Residents of the Marshall Islands are going into a fourth week without internet access as repairs of its undersea fiber optic cable have been extended, officials said Friday.

“Initially, it was supposed to be a week’s work, but it was hard for repair folks to identify the fault in the first place,” Tommy Kijiner Jr, head of the tiny Pacific island’s National Telecommunications Authority, said.

“After the fault was found there was additional work that needed to be done. It is ongoing and we are hoping it will be complete by January 18 or 19, but it all depends on weather conditions.”

Since Dec. 28, all phone and internet communication has been switched to satellites, but Kijiner Jr said they receive only 50 megabytes per second of bandwidth, compared to 1.5 gigabytes per second before repair began.

Access to most websites has been blocked, except for emails and critical services like hospitals and airlines. Colleges have delayed the start of new school session, while businesses and government agencies receive internet up to two hours on a rotating basis.

Fast internet was easily available for the islanders due to cheap fiber cable, which was introduced to the country in 2009.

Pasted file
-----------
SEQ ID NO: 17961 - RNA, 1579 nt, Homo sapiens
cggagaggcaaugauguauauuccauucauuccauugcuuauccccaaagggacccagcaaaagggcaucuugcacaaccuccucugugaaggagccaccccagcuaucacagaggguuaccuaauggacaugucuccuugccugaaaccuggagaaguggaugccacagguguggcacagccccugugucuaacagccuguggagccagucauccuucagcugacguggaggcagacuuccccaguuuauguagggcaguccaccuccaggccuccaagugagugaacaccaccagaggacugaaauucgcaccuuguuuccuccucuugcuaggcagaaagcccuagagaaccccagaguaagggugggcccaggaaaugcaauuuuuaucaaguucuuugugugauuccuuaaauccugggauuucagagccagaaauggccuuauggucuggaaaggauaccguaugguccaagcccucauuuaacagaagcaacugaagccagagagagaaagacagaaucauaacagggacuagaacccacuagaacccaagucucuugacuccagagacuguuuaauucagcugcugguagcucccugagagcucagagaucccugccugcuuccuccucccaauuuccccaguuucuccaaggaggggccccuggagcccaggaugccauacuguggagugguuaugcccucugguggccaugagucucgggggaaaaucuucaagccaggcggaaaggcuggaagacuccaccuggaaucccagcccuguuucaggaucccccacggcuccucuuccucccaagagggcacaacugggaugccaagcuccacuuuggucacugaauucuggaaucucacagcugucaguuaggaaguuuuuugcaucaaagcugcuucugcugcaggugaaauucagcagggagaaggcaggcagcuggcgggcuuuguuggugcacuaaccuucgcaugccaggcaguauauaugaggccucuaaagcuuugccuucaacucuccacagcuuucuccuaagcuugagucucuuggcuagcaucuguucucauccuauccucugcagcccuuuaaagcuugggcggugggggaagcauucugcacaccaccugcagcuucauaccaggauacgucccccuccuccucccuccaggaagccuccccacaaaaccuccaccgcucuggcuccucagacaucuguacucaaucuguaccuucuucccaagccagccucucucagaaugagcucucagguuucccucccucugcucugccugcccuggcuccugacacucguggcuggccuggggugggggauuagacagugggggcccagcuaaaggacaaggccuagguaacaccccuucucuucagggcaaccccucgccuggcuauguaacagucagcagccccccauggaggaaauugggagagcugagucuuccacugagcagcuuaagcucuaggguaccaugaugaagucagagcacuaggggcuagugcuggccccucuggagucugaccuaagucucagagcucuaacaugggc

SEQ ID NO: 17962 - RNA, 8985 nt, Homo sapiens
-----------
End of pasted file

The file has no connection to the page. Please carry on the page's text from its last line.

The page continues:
“There are internet hotspots everywhere. We have high social media penetration, especially compared to the size of the country. 60 percent of our bandwidth usage is for social media, especially Facebook and YouTube,” Kijiner Jr told dpa.

President Hilda Heine even addressed parliament about people suffering from internet withdrawal symptoms.

“It is only normal. When you are spending hours and all of a sudden you don’t have any access to it. They use it to communicate with friends and families and for entertainment,” Kijiner Jr said.

“People miss that.”

“But this – it’s totally out of control. We just have to keep our fingers crossed.”

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